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Feeding the world in 2050 Part 1

Updated on September 25, 2012

Challenges facing the world for agricultural technologies are at three levels- strategic, supply chain and operational production. The strategic challenges are big and diverse. The operational challenges require a high level of flexibility and capacity to meet diversified demand.

These solutions will need to be integrated to ensure effective supply of foods to meet demand and cost base realities. The economics of food supply are often highly variable according to situational and other factors. Food technology will need to be highly efficient, extremely productive and sustainable in terms of its ability to source materials.

Viable food supply is inseparable from productivity, both at the agricultural level and at processing and distribution levels. The idea of this solution is to create a clear picture of demand issues and supply realities in these areas. Food technologies which streamline productivity and improve supply capabilities and costs across the board are required.

Important- Agricultural technologies must reflect and respond to the needs of the wider food supply chain. This solution includes relevant food supply chain issues to enhance the view of agricultural technological issues.

The big issue for agricultural technologies- Cost and profitability

The most critically important issue to be addressed is the cost of agricultural technologies and related infrastructure. Any working solutions to the issues raised by these challenges must show strong commercial potentials and act as incentives to adopt new technologies and methods. Viability of solutions needs to be clearly oriented to positive cost benefits.

Strategic challenges to agricultural technology

Productivity and capacity- Situational overview

Production capacity is the driving strategic challenge for agriculture. It will define global food supply issues in 2050 and failure to meet production requirements may cause serious global problems. The ability to produce volumes of food is currently under stress. This stress will increase through a combination of increased demand and increased cost of production. Food technologies will need to achieve new efficiencies across a wide spectrum of operations at all levels to meet demands and hold down costs.

Production capacity to meet projected demands in 2050 cannot be achieved by existing food technologies. The old technologies were never designed to deal with either the range of products on the market or the up to 25% increase in demand volumes projected for 2050. These old technologies are now reaching expiry date and must be replaced with high volume, diversified production capabilities.

Cost of this far more complex and much higher overall level of production will involve significant capital outlays which will require careful management. To ensure cost viability, the level of production will also need to show very high values in terms of ROI for manufacturers and producers. Agricultural and related food industry technologies will need to provide clear cost benefits at all stages from production to the shelves.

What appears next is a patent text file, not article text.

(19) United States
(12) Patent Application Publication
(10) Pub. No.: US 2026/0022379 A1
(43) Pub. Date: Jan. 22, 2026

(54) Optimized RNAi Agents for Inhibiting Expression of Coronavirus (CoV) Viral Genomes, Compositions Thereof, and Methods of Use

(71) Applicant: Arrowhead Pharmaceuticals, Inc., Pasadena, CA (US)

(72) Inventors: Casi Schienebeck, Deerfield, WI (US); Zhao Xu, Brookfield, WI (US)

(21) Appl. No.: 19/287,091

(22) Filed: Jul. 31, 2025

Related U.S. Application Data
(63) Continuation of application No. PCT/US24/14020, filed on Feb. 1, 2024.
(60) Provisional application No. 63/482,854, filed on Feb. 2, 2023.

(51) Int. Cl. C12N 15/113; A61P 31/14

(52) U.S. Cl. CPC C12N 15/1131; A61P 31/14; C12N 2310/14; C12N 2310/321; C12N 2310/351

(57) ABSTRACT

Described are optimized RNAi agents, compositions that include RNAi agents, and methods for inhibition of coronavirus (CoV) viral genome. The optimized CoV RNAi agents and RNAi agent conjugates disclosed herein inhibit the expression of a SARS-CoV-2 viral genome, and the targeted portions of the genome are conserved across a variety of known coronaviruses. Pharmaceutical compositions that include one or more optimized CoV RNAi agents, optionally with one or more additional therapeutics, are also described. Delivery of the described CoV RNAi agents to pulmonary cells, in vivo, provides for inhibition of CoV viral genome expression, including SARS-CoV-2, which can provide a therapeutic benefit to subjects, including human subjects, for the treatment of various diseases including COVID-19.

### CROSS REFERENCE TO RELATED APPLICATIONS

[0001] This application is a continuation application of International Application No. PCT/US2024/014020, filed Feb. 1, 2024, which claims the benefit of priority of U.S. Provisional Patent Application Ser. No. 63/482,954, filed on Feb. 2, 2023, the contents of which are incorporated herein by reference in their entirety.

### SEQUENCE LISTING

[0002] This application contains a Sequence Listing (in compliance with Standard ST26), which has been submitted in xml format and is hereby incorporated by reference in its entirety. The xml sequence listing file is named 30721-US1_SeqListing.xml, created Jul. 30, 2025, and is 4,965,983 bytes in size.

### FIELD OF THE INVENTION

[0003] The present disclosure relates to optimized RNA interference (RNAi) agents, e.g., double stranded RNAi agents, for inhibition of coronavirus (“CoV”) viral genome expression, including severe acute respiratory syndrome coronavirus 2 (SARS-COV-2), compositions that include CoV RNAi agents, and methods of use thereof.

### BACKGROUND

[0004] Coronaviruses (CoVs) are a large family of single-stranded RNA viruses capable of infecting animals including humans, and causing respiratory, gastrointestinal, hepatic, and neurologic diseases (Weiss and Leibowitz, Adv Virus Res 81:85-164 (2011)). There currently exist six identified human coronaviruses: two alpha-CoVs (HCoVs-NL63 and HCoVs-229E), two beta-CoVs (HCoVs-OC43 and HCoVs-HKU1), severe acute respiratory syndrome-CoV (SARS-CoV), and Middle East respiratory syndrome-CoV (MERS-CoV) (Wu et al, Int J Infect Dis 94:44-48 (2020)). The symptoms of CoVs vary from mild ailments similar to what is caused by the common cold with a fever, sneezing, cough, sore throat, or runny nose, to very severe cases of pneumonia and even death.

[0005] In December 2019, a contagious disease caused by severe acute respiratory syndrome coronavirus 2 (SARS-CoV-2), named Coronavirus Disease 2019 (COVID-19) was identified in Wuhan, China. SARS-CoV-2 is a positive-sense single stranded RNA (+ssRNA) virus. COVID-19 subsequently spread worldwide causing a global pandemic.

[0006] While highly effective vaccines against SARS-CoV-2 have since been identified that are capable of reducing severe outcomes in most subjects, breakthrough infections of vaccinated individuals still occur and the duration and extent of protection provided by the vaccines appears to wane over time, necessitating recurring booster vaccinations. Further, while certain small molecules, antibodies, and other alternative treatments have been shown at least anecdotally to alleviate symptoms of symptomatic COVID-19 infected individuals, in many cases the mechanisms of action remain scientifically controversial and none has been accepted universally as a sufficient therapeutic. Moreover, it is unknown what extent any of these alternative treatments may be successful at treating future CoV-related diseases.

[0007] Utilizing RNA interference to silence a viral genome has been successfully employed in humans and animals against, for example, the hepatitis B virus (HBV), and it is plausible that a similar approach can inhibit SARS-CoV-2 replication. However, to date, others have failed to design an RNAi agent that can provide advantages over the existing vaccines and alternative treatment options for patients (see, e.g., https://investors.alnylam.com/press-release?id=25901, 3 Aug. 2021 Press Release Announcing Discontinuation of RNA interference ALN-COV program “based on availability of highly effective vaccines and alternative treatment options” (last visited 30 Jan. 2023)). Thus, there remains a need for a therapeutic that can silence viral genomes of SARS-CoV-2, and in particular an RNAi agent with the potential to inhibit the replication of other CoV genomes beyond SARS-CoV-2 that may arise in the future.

Cost benefits will also have to be obvious to consumers to maintain sale values. The biggest challenge is to ensure effective translation of better technology into a budget-viable range of food purchasing options for consumers. The risk here is that foods could price themselves into an “either/or” purchasing scenario for consumers if prices get beyond a threshold level. High priced food could be an own goal for food production.

Strategic food supply challenges fundamentals

Water supply

In all areas of food and agricultural technology, water supply is critical. Water is used in all areas of food processing and pre-commercial stages production. Current studies indicate serious issues related to water supplies around the world. Agricultural technologies will have to become a lot more efficient in use of water and be able to ensure sufficient capacity through good economics at all stages of production.

Water is already so important to food technology that it can actually blow prices sky high in droughts. Shrinking supply sources will equate to a “permanent drought”. Future food production must have all aspects of water supply fully sustainable at all levels of production and processing. The cost factors in water supply will become exponentially higher to producers unless these issues are brought under control. Water management systems, irrigation, and basic water supply operations will cost a lot more under any scenario which involves continuation of existing methods of sourcing and using water.

Food production uses a fantastic amount of water at all levels, and those costs can become astronomical very easily. It is possible using existing technology to achieve much higher levels of productivity and actually reduce water usage by up to 60%, but future requirements will require massive retooling of production and increased costs for deployment.

The cost realities of water supply issues have to be clearly mapped within a tested, integrated system starting with agricultural water usage and incorporating food processing to see the effects of increased demand. Cost savings must be incorporated to keep product prices down and commercially viable. New water technologies are quite efficient and can do the job and achieve even higher values for water usage, but again the issue of system implementation will require significant alterations to food production methods.

Natural and existing water supplies as they’re now used will not be able to keep up with projected demand, even in theory. New technologies, notably storm water harvesting, creation of strategic water reserves, recycling and much more efficient water usage at all levels of agriculture are the only way to ensure adequate supplies. Agricultural water technology will underpin the entire food supply chain.